Before God and this community I am accountable each Thursday for keeping the 4th commandment.
While my son August was in ecology camp today at Cranberry Lake Preserve (Valhalla), and my wife Noelle was working at home, I hiked my way through five parks and preserves in Vista and Lewisboro. I began at the Leon Levy Preserve, a well cared for local park with challenging terrain and beautiful ruins of stone buildings. I then worked my way south down 121 to the Old Church Lane Preserve, Onatru Farm [pronounced "On A True" Farm], and the trails behind St. Paul’s (Episcopal) Chapel. The latter is laid out as a meditative walk, complete with icons, niches and prayer benches. After replacing a faulty brake light at a local repair shop I wound up my afternoon at the Lewisboro Town Park, which opens into Ward Pound Ridge Preserve.
Today was a day of color. Bright green mosses and bold white lichens abounded, as did orange, red, white and indigo flowers and fluorescent fungi. Frogs, geckos, butterflies and musical birds were my constant companions.
I spent the late afternoon at the White Plains Public Library planning the camping trip I am taking with August in two weeks. Noelle made a fabulous pasta for dinner with local, organic vegetables which we shared with a good friend who supplied genuine Kentucky moonshine from a distillery handed down through is wife’s family.
I should note (with deep, mellow, soulful joy) that the Grateful Dead have been my constant companion today, except when hiking. I have been working my way through fall 1970 and spring 1990. Jerry’s birthday is next week, as is my long anticipated vacation and wedding anniversary, and celebrations are planned for both.
All in all, this has been a satisfying, relaxing, restorative day. It took me six miles to work out my mental preoccupation with the church I serve and all that needs to be done there. By mile seven I was simply walking … and only then did I begin to “see in color.” I think this is a parable of sabbath rest. As in the photo above, I began to be able to look through the old in order to perceive the new which even now is growing.
A sermon preached by the Rev. Sarah Henkel at the White Plains Presbyterian Church on the Fifth Sunday after Pentecost, July 20, 2014
Psalm 139: 1-12, 23-24 Genesis 28: 10-19a
Last week Pastor Jeff encouraged us to try the practice of keeping a manna jar, to write down signs of God’s blessings and presence in our lives on little slips of paper and place them in a container. In the morning of the next day we were to take out the papers, read and remember those signs, and then let them go so that the jar would be empty and ready to be refilled.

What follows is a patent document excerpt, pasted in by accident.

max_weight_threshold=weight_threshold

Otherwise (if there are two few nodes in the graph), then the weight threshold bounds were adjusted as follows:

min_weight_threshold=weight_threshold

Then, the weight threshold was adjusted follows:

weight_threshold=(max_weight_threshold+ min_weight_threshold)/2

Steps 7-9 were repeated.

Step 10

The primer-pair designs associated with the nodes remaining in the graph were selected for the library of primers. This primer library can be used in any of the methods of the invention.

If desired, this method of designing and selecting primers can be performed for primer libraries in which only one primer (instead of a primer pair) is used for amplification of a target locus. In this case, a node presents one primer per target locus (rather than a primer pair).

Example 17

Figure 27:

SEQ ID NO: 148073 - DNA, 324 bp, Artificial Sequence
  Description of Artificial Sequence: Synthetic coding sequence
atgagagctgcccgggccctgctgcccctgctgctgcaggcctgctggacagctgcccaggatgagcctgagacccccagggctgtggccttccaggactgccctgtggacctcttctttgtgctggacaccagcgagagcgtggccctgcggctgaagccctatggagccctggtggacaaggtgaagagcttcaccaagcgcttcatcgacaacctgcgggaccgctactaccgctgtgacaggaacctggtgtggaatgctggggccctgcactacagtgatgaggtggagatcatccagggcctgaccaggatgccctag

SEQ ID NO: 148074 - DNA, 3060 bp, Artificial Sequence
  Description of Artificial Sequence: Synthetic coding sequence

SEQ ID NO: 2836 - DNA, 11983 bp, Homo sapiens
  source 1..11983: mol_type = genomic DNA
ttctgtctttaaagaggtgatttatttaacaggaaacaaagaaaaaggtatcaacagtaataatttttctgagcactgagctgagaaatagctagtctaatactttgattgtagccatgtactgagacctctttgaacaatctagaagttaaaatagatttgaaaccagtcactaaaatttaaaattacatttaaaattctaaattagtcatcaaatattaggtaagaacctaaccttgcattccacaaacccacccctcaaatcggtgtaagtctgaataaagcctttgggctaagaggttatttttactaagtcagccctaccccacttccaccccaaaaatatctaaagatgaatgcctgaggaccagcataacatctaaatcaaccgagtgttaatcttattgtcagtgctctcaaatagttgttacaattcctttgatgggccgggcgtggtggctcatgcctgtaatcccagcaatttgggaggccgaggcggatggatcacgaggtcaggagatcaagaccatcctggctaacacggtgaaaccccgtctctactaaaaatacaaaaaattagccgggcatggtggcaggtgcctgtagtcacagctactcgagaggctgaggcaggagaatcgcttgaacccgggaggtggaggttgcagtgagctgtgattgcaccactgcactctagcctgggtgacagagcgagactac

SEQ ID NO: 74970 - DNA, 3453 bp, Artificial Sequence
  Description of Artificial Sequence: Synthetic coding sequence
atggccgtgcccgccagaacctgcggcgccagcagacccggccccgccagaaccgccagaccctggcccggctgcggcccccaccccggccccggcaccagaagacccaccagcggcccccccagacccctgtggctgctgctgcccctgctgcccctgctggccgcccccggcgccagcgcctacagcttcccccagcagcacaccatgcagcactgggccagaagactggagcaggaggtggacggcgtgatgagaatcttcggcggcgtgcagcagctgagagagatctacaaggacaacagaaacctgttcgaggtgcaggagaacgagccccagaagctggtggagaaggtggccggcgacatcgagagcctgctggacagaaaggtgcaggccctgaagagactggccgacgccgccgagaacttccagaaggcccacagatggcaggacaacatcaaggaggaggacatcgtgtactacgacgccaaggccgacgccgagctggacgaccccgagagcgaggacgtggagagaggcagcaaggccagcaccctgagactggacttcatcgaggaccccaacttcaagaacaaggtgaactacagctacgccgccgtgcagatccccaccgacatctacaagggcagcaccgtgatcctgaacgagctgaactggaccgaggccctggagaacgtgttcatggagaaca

As I thought of things to place in the manna jar this week, I noted how specific or particular were the blessings I encountered. They were all tied to a specific place, a particular person, an unrepeatable moment in time. In the manna jar, I placed the joy of seeing a dolphin leap and dance out the water on the beach in Florida where I was earlier this week. I placed in the jar a conversation I had up in the enormous, sturdy branches of a Banyan tree with a friend I’ve known for 18 years. I placed in the jar the feeling of warm air and relief as I left the surgeon’s office with good news for my upcoming jaw surgery.
Yes, we know that God is everywhere and in everything but we humans encounter God in particular places and moments in our lives, moments of connection with one another, with the created world, with the presence of the living God. They are ordinary and sacred moments that deepen our care for one another and the earth.
Jacob encounters God in a dream, a vision in the night. He is on the run, disconnected from family and community. He stole his brother Esau’s blessing from their father, Isaac and now he’s an outcast. When Jacob lay down to sleep that night, he was very much alone. But the dream changes and reconnects him.
He sees a ladder connecting heaven and earth and angels moving up and down the ladder. Walter Brueggeman notes, “Those angels in that vision are connectors. And this man in exile is disconnected, and what he discovers in his vulnerability is that he is connected.”[i] God, standing beside Jacob, reminds him that he is part of generations of blessing, a blessing so large that it encompasses all nations, all the earth. Jacob awakens with a deeper knowing of his connection to God and to the human community and to the earth itself, the dust of the earth.